New Feature: Viewer Quick Graph
User Type: Musicians
How to Find: Click on main menu Down Arrow ∇, choose My Shows, click show Id link
We created the “Viewer Quick Graph” for musicians to get a better feel of how long viewers are watching their StreetJelly broadcasts. Unlike a concert where a patron would purchase a ticket to a show, broadcasting on StreetJelly is more like performing open mic in a cafe or busking on the street corner for coin. People will come and go continuously during the performance for many different reasons. But unlike in the real world, we now report to the musicians how long viewers were connected to their stream.
The graph is not a reflection of one’s musical skills, but merely shows the flow of viewers in and out of a performance. The free-to-view nature of StreetJelly, and the internet in general, encourages visitors to pop in and check out as many musicians as possible. But at the same time, die hard fans will flock to a favorite musician and watch an entire show. The graph shows this relationship of time-spent-in-a-show.
We call it a “quick” graph because its the visual pattern of the graph, and not necessarily the values of each bar, that quickly gives the musician the visual cue of how long viewers stayed. But first, let’s explain those bars. We divide the duration of your show into twelve time increments represented by each bar (the x-axis). For example: in a 1-hour show, the 1st bar represents 5 minutes, the 2nd bar 10 minutes, 3rd bar 15, and so on. For a 2-hour show, each bar then represents 10 minutes, 20, etc. Next, the height of each bar (the y-axis) shows how many people watched your show for that length of time. On the actual graph, hover over each bar with your mouse to see the data values.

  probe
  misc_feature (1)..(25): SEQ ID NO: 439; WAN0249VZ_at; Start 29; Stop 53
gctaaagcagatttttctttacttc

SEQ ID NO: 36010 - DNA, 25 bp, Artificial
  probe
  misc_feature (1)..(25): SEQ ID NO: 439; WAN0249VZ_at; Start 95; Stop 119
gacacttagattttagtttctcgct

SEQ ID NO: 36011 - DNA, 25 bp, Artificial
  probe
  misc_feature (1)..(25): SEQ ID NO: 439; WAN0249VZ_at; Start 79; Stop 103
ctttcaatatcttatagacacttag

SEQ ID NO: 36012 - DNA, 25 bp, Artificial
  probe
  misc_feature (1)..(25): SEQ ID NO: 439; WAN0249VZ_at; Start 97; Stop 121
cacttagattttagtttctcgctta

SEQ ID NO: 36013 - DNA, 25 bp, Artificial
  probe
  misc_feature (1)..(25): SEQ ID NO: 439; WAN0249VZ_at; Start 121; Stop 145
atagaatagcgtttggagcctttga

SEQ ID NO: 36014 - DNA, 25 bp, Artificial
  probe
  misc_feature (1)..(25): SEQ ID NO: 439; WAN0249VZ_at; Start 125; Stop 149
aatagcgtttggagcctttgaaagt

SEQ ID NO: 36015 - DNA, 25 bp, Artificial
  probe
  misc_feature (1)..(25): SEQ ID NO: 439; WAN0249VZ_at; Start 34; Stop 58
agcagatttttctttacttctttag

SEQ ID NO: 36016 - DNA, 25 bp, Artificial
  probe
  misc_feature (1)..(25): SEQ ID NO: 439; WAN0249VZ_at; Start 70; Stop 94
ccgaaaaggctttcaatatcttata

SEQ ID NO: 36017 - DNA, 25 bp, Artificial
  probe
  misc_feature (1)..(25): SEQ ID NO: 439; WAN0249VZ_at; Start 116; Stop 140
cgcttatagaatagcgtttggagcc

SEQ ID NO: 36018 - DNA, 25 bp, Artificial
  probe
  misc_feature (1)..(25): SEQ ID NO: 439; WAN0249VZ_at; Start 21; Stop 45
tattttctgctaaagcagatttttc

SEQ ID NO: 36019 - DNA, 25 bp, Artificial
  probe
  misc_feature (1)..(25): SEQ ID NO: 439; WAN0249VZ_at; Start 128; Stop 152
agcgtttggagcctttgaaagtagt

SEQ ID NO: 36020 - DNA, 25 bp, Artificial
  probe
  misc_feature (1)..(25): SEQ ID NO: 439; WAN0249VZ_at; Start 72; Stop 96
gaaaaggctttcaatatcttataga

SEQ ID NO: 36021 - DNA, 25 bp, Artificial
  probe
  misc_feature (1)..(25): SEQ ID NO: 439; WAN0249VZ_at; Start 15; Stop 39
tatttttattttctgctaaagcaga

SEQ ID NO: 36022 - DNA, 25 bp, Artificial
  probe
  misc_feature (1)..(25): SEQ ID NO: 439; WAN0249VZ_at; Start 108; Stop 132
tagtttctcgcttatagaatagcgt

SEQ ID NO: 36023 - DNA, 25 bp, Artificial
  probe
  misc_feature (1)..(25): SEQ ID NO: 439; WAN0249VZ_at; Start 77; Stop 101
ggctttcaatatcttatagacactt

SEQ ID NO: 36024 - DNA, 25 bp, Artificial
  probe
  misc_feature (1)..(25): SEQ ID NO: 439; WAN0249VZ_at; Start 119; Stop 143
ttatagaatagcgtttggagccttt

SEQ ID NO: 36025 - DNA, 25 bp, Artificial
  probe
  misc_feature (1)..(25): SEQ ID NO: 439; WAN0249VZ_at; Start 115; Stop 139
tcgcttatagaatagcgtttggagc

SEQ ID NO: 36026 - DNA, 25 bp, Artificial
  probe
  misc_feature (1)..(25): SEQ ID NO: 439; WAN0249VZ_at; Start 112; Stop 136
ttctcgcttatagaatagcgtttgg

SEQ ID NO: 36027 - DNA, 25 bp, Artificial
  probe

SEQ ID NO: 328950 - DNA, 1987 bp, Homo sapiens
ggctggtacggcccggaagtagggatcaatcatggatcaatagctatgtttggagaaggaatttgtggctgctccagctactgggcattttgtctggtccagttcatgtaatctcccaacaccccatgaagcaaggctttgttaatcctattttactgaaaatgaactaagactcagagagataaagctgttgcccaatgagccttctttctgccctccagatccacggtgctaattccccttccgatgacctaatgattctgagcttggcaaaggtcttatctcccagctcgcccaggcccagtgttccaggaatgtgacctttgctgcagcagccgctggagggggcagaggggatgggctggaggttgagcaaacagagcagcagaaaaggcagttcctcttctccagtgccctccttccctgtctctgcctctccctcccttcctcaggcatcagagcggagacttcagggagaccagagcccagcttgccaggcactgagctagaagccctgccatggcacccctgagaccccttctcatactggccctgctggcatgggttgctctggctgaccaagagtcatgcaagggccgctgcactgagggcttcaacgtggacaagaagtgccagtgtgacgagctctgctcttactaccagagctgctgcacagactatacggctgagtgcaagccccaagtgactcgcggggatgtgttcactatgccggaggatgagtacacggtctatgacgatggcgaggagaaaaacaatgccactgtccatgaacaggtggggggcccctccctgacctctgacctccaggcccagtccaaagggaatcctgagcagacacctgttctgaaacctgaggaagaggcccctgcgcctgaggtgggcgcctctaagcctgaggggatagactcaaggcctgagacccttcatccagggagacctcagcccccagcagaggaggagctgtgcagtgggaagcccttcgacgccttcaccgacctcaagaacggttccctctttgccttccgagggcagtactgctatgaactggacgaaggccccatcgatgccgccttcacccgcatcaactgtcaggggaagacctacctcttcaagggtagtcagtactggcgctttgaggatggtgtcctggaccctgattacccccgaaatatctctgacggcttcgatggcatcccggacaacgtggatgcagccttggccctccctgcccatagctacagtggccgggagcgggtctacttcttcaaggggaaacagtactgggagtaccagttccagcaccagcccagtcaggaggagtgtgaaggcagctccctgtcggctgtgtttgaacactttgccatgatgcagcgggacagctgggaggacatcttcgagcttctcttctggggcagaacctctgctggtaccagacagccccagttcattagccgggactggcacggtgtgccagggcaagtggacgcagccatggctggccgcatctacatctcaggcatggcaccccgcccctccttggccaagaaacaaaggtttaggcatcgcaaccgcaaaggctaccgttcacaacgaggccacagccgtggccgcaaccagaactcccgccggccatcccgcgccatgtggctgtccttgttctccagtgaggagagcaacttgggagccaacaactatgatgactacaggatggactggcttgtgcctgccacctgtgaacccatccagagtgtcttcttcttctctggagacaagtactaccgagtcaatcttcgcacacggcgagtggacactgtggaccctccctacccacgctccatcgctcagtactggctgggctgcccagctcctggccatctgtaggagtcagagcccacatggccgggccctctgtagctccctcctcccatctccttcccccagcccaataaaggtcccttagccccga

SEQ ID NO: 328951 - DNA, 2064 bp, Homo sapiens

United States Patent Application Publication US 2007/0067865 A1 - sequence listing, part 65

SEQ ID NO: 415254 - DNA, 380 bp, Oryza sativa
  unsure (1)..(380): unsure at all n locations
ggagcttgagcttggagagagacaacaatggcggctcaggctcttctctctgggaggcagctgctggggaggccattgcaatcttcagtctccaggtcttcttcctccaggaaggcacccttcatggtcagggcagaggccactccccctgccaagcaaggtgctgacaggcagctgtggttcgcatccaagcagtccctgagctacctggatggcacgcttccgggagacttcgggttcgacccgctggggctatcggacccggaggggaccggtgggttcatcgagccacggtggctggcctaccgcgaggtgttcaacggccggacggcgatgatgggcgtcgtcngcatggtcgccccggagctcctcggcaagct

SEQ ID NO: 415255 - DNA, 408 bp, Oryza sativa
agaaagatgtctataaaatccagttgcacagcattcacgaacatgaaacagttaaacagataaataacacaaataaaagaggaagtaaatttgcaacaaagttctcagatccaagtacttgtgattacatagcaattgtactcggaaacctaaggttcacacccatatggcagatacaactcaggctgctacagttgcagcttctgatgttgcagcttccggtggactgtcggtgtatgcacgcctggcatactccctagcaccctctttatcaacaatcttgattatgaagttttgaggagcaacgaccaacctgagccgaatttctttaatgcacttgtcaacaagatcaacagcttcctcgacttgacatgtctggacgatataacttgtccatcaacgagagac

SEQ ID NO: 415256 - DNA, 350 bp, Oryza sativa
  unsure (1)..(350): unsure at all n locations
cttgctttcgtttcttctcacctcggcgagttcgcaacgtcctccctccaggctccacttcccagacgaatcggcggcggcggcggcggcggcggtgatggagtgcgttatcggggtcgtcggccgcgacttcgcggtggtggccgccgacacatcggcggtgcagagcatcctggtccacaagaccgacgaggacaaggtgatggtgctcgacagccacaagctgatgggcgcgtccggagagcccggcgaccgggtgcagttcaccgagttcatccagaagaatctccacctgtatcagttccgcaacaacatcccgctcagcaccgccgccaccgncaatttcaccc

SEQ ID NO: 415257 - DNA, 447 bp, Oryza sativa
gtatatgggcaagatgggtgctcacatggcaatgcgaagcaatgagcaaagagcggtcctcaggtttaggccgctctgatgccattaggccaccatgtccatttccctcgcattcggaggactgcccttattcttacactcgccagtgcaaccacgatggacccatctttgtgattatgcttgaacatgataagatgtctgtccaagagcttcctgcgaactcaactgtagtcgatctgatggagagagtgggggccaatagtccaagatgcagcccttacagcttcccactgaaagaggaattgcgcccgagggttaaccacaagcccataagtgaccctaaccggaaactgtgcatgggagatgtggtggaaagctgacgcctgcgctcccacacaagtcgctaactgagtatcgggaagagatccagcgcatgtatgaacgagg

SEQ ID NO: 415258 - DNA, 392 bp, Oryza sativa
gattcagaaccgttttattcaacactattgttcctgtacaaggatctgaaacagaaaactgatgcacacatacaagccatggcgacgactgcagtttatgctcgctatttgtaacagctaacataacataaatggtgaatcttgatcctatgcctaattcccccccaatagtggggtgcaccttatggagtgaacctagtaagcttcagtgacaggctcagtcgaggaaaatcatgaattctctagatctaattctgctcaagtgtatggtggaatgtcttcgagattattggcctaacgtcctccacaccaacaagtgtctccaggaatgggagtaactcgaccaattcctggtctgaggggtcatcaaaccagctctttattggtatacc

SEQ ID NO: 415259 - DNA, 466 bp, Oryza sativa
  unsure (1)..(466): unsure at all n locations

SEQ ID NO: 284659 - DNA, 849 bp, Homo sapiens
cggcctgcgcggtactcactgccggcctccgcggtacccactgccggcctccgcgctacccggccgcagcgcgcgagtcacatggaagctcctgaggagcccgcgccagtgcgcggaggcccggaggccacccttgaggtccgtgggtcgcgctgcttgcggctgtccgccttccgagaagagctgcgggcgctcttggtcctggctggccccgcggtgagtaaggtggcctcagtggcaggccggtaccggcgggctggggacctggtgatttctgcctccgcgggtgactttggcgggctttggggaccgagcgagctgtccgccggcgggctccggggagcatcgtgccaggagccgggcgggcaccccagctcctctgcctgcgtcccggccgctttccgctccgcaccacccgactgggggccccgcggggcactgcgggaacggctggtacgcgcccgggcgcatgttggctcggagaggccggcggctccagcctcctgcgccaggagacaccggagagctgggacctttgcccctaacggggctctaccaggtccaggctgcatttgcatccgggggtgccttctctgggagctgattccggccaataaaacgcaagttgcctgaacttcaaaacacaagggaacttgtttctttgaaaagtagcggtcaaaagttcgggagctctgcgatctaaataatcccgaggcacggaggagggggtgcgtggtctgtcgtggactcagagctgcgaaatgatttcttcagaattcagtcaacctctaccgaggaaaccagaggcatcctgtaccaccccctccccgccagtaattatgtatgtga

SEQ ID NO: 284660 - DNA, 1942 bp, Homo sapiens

The less time people stay connected to your stream, they will be counted in bars on the left side. The longer time they stay, they will be collected in the right side bars. For example, all the bars stacked to the left means most everyone left after a short time, while all the bars stacked to the right mean most people stayed for the entire show. But remember, the timer for a viewer starts counting whenever they arrive. If a viewer arrives late at the end of a set, then their viewing time would naturally be a fraction of the total length of the show. That late viewer would be represented in the bars on the left.
Ok, now that we thoroughly confused everyone, let’s take a look at some sample graphs to put this all together:
Most shows will have a nice spread of viewers who stay for various lengths. But you will always have many viewers that pop in for a very short time, hence the large bar on left.
We call these the “busy body” viewers who can’t sit still. These people are bouncing around the site, checking out multiple shows, making dinner on the side, and not able to stay long.
Here we see our favorite couch potatoes. Most people stuck around for much of the show. The musician has managed to capture and entertain their crowd for a nice long time.
This is a special case when either the show is less than 12 minutes long (remember we divide the bars up in 12 time increments); or you are looking at a show way back in time before we collected viewing time information (back in 2013).
The Viewer Quick Graph is a marketing tool for StreetJelly musicians. Use it to understand what your viewers are doing, how they respond to your performance, and how to improve fun for everyone. Got any performance tips about increasing viewership? Add them in the comments below…